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Wednesday, March 17, 2004
Cocorosie have now been mentioned positively in three of my favorite blogs, and while I did post a brief response over on Fluxblog, here's a maybe fuller and fairer explanation of why I just don't want to listen to them anymore.
Partially I just don't like the style enough to see it sustained over an entire album. What it basically consists of is sort of modern home-four-tracker musical backing--cheap synth sounds, keyboard melodies, thin and oft-beatless esoteric percussion, guitar--with two sisters singing over it in Josephine Baker kind of 20's jazz-singer voices, like they're being recorded on gramophone. The "kind of" is important, after all: they have good voices, but there's not much justification for the very specific affectation; it's not like their normal voices become these wonderful tonal boxes when used in that way, and so it mainly seems to serve as a kind of distancing device, whether sincere or not: we're not two normal girls doing this, we're two weirdoes! In France! Singing weirdly! With weird percussion! The whole thing seems very self-conscious, and while that's fine sometimes, here it doesn't really work. (I hear Feist doing this vocal style in a much more restrained, melody-serving way, FWIW.)
But what sends the album from neutral to horrible in my book are the lyrics. Maybe this is simply a matter of digital-age context: I assume the MP3 bloggers downloaded their albums, but I bought mine, and in the actual packaging they've made the extremely unfortunate decision to include the lyrics. It's unfortunate because they sort of work when they're being sung, but when you read what they're actually saying and then go back and listen, it's not good.
So the album starts out with "Terrible Angels," which really is a good song: the lyrics are slightly obscurist, but also specific, throwing out references to Freud, Rilke, Jim Morrison, etc. No complaints there. Indeed, I kind of like it, even if it goes on for too long.
Track 2 is "By Your Side," which is, um, a wee bit obvious in its message. To quote: "All I wanted was to be your housewife...and for a diamond ring I'll do these kinds of things / I'll scrub your floor, never be a bore / I'll tuck you in, I do not snore / I'd wear your black eyes, bake you apple pies." Now, this ain't no PJ Harvey conflicted torch song kinda "I know it's wrong but I'll give up some of my independence for you because I love you so much but that love is kind of destructive but I don't care because I'm in love" thing. Nope, there's really no ambiguity here. It's the dreaded CRUSHINGLY OBVIOUS FEMINIST IRONY. And then, later in the album, it gets even worse. The whole set of lyrics for "Not For Sale" (argh!) are: "You can leave me / where you found me / on the corner / I'm not for sale anymore." Maybe this is just due to, um, personal circumstances regarding a lyricist with similar tendencies, but I'm seriously cringing here.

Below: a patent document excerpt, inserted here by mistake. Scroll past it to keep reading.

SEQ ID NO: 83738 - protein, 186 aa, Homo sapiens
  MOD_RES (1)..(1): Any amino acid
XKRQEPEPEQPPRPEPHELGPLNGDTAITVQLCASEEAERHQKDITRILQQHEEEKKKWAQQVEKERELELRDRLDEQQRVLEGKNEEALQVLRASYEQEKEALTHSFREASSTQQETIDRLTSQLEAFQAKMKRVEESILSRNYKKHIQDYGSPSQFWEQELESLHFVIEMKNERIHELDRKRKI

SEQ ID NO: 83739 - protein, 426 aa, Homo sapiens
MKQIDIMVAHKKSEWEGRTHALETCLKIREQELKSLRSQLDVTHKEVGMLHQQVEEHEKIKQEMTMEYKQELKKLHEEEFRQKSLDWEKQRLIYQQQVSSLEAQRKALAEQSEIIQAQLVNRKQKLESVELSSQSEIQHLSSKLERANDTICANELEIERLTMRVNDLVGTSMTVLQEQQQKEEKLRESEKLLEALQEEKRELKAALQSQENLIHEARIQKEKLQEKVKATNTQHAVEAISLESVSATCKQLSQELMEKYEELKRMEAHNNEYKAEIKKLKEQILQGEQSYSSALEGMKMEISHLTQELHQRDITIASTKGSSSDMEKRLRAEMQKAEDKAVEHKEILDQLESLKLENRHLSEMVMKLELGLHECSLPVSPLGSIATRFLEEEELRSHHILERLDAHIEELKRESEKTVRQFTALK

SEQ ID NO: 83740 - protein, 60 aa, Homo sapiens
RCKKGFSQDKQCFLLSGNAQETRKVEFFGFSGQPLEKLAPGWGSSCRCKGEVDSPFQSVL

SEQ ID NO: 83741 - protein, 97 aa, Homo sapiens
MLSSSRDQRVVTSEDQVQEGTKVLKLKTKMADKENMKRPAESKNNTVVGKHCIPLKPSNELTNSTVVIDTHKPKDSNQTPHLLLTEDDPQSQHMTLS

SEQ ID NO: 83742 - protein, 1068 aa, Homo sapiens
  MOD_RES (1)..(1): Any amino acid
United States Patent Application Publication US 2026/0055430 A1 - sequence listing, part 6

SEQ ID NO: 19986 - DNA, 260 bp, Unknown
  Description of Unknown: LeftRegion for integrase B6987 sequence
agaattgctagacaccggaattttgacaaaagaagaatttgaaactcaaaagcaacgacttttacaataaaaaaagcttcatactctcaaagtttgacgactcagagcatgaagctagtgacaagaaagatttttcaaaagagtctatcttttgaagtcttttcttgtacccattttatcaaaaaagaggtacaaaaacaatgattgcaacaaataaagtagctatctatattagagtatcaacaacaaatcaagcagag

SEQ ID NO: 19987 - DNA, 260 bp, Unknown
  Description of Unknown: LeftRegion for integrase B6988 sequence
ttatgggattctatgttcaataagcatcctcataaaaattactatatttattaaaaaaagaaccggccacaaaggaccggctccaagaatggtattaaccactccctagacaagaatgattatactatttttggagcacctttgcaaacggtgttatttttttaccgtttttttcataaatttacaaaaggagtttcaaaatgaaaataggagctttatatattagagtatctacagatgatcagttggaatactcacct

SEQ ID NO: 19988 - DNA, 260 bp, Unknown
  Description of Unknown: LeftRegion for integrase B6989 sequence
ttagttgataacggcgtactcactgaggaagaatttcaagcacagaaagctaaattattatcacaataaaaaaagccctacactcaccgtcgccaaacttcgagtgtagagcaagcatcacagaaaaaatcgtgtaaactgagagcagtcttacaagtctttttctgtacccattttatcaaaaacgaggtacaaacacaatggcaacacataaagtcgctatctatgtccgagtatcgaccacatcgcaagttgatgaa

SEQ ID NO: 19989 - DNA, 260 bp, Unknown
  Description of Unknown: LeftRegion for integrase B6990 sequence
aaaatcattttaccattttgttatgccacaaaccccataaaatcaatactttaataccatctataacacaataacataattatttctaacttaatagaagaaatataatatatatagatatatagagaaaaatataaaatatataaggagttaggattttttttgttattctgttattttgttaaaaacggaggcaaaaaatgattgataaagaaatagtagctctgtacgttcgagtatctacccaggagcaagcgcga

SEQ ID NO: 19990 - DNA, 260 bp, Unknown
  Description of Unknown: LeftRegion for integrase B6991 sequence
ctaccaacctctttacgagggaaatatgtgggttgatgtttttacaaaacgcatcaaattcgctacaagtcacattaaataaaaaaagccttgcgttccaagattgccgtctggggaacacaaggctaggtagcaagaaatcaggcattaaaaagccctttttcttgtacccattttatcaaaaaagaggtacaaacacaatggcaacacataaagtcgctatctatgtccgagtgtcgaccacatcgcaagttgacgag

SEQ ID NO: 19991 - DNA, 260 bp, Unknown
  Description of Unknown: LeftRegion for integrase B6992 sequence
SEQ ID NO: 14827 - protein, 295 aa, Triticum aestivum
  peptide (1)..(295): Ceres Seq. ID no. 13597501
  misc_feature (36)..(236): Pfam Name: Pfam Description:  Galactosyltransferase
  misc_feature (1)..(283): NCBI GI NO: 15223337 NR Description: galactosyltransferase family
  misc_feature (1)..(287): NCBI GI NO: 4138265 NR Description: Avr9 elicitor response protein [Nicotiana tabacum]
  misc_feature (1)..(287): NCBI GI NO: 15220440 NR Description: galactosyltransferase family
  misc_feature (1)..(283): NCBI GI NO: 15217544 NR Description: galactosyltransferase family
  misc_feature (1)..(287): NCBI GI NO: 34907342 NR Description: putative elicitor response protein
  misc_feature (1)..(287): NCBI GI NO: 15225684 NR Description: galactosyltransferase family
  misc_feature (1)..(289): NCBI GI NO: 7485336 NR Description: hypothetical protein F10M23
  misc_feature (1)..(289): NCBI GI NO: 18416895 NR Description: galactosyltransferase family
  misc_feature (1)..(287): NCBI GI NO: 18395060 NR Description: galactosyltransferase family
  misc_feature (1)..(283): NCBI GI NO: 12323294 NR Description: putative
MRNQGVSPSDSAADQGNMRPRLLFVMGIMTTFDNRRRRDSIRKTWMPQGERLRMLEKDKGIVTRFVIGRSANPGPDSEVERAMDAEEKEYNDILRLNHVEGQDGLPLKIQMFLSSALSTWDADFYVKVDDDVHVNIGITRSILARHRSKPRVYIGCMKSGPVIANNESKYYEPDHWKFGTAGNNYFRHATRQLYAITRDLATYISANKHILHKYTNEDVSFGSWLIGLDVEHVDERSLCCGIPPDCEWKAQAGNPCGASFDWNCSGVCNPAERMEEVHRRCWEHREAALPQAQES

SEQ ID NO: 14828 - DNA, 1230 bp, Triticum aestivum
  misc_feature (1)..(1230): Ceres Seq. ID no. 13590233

But then there's "Jesus Loves Me," which, again quite unfortunately, comes at track 3. Here's the chorus:
Jesus loves me
Now look: we all know I have no problem with people using offensive language in service of some purpose or point. But gack, it's just so clumsy here, and so very, very self-conscious. It's not like "Oh my, they're really throwing that language in my face and challenging me with it!" it's more like "Oh, you're saying the n-word, sweetie, good for you." And, even worse, the point just seems to be "Christianity is stupid!" which has been done better before. It's the lyrical equivalent of a laugh track: there not to say something, but to tell us something is being said. (I.e. "this is risque!" or "this is funny!")
Maybe the PJ Harvey comparison is the most useful thing here. Half of the songs on La Maison de Mon Reve really are great. I'm totally with Matthew on "Butterscotch," and "Good Friday" and "West Side" are both very nice. I think, ultimately, this is a demo more than a proper album, and it just contains things they need to get out of their system before making a more emotionally mature work. But they're just so very grating, and the musical backing is so spotty and unrewarding in points, that it's hard to embrace. Polly Jean addresses pretty much all the same things these women do, but she was nailing 'em with a lot of complexity right out of the gate. So maybe it's just that my expectations are so high. I'm certainly engaged with them enough to be eager to check out their next album. But I think this one's going to be mix-tape fodder and not much more.
 And, of course, Portishead.
 Also, weirdly, the riff it's based around sounds a hell of a lot like the main riff for U2's "Perfect Day," but maybe that's the...point?
 Unfortunate because it's so damn hard to get into the rest of the album after that one; if it were buried on Side B, I'll happily admit I wouldn't have such a problem with it.